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What binds us together: Gen. Stanley McChrystal discusses overcoming partisan divide

In an increasingly polarized political environment, interacting more with different people is key, General Stanley McChrystal said at a talk Thursday.

McChrystal—retired Commander of U.S. and International Security Assistance Forces in Afghanistan—discussed U.S. foreign relations and conflict since 9/11 in a Terry Sanford Distinguished Lecture titled "Seventeen Years at War." He also commented on the current political climate, noting that we must focus on what makes up the "basic fabric of our democracy." 

"What every one of us needs to do now is not worry about personality in office from either side," McChrystal said. "We need to decide what our values are...What are those things that bind us? What are those things that we need to protect? And then as we go forward in our political discussion, we have to take greater agency, greater responsibility for how this plays out."

McChrystal noted that political leaders, in particular, must take responsibility for their actions and their words.

"Tweeting is fine unless you’re operating a motor vehicle or trying to be the most powerful nation in the free world," he said. "But don't let it get personal. If you let it get personal, you cheapen the discourse."

A four-star general, McChrystal led the Joint Special Operations Command. Under his leadership, JSOC was credited with the capture of Saddam Hussein in 2003 and the death of Abu Musab al-Zarqawi, Al-Qaeda leader in Iraq, in 2006.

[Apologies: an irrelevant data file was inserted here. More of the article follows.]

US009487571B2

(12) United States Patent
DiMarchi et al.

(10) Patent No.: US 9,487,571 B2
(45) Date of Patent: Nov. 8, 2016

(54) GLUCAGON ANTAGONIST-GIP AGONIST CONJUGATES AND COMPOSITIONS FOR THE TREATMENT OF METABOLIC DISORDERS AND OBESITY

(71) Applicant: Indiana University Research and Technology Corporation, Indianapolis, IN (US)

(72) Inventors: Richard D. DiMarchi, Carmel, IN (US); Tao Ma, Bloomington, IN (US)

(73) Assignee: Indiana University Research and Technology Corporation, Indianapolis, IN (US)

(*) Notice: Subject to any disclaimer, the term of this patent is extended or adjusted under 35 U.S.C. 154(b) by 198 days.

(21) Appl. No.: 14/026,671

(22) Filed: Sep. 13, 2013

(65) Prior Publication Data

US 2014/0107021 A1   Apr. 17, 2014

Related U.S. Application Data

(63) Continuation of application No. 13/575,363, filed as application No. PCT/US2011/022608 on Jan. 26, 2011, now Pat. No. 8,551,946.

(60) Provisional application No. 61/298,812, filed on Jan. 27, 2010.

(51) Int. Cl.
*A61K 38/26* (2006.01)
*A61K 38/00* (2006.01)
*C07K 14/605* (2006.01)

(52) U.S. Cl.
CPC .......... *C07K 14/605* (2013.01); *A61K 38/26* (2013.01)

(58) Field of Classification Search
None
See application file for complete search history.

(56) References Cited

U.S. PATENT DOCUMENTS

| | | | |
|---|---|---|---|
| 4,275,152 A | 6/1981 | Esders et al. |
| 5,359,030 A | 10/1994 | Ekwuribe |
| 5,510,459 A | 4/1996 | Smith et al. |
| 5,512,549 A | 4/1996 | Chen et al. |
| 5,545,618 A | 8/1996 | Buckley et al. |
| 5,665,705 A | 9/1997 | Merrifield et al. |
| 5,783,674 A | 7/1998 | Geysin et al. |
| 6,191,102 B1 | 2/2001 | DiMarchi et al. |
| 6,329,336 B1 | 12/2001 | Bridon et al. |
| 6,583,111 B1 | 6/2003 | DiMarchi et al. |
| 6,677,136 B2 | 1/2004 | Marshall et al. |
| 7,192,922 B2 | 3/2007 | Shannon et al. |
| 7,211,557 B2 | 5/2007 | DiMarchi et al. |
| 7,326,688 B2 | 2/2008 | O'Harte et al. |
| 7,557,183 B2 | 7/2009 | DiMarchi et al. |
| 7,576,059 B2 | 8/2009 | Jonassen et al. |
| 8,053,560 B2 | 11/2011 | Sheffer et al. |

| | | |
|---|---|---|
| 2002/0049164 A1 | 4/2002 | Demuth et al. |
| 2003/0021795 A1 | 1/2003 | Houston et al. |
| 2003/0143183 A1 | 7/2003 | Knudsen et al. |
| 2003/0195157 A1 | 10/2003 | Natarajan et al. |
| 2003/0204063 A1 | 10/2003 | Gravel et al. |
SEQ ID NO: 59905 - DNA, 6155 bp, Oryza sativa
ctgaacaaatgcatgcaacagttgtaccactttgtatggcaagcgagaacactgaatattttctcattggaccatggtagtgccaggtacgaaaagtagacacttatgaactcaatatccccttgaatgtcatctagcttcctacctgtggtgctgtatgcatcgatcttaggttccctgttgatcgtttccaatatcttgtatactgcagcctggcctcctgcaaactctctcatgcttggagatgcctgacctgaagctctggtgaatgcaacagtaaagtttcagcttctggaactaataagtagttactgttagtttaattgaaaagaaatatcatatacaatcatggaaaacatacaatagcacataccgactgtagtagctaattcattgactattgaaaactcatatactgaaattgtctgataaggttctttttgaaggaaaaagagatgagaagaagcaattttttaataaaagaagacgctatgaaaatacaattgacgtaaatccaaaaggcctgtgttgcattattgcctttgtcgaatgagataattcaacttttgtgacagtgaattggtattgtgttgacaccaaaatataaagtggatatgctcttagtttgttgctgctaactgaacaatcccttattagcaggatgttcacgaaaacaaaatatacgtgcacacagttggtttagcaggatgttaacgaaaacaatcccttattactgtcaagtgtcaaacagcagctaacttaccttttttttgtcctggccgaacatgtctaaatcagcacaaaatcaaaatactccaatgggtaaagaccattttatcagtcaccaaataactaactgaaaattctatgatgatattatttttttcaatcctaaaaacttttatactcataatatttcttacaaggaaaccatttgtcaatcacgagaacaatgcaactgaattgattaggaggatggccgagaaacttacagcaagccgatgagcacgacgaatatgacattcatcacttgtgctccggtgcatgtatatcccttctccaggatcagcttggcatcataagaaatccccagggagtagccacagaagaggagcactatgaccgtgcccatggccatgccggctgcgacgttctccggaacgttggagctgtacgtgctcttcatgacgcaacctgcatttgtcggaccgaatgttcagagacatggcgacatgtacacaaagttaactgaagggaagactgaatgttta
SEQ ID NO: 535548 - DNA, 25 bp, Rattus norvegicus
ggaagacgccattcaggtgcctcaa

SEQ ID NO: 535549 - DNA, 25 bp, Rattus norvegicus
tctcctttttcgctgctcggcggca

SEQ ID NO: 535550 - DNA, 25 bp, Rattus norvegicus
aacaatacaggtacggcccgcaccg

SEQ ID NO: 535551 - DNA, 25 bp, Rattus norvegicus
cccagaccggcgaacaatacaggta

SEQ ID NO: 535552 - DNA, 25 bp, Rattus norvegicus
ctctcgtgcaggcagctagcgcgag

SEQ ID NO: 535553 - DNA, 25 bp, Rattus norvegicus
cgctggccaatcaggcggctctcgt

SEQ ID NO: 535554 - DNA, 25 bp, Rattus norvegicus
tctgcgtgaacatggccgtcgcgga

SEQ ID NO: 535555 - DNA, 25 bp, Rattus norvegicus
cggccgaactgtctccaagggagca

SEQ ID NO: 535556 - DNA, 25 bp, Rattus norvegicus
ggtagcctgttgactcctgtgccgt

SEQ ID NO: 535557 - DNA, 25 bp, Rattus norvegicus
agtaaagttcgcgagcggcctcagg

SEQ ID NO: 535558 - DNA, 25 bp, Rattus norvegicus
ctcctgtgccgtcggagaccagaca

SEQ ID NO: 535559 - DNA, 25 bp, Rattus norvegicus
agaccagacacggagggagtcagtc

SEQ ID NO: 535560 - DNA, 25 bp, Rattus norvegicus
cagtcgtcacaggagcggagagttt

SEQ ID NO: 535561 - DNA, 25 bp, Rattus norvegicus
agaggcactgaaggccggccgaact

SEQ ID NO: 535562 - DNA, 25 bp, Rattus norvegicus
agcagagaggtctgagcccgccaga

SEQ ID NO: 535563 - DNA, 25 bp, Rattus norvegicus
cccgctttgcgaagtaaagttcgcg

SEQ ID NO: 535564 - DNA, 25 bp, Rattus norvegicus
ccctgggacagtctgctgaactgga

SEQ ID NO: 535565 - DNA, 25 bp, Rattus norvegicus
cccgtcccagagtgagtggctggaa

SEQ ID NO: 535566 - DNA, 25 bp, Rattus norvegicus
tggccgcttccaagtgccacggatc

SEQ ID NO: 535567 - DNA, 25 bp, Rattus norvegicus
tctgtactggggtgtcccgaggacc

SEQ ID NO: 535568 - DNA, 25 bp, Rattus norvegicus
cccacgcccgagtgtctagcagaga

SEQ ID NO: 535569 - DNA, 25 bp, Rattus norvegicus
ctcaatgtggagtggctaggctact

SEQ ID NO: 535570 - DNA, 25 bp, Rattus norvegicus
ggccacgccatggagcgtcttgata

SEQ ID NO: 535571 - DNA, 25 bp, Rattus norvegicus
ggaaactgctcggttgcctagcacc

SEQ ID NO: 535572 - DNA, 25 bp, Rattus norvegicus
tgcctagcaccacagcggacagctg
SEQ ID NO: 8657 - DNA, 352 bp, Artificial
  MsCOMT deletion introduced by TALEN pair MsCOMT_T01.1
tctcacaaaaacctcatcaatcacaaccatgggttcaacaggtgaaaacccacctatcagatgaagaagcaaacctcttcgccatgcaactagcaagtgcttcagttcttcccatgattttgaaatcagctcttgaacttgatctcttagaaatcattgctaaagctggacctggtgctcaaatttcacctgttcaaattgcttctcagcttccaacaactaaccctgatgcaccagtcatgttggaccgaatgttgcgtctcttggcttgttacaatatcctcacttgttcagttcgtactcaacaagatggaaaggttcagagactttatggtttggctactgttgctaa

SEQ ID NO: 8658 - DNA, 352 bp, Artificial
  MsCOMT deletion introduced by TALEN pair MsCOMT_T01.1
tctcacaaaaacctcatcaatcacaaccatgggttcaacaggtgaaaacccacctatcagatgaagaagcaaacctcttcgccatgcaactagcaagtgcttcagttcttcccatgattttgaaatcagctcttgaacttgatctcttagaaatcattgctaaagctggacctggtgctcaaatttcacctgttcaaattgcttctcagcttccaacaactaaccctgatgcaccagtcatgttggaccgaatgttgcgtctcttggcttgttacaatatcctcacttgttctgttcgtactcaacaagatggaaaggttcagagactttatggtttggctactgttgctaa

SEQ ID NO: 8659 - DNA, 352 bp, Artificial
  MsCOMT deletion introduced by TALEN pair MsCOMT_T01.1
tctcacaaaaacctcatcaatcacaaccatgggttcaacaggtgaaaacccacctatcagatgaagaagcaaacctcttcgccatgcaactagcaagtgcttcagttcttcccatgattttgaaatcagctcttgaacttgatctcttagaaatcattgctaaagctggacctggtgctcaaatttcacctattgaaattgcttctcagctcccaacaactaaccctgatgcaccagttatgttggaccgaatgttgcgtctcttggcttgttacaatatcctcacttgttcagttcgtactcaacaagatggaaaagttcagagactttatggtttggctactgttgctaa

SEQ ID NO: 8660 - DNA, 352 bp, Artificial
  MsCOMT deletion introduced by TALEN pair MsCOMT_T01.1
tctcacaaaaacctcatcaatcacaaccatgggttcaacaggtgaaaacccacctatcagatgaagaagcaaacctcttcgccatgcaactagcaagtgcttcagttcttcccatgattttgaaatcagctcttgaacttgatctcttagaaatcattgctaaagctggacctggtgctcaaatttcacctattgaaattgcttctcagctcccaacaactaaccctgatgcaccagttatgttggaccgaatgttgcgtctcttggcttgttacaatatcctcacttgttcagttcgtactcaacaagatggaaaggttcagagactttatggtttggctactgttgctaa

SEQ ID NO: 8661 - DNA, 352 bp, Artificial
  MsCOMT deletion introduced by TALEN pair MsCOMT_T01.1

After retiring, he published a memoir about his military career, titled "My Share of the Task," in 2012. He currently serves as a senior fellow at Yale University's Jackson Institute for Global Affairs.

David Schanzer, a public policy professor, was the moderator for the discussion. He asked McChrystal if the root causes of Middle Eastern conflict since 9/11 were being addressed given the little progress that has been made. 

McChrystal said that as long as there continues to be a lack of social, political and economic opportunity, people will remain frustrated with autocratic regimes and forces will build up, making the environment conducive to strikes.

He also spoke about the U.S. military strategy in Afghanistan.

"We went to Afghanistan in 2001 because it fit our interests," he said. "However, we’ve been down there 17 years—we’ve made certain commitments to them—which is also an issue of, 'do we try to see this through?' Then the final issue is, do we want to keep the footprint for our ability to influence things in the region, particularly counterterrorism."

He concluded that it would be best to take a "holistic" approach to the situation in Afghanistan, taking into account both "U.S. strategic interest" and "our commitment to the Afghan people."


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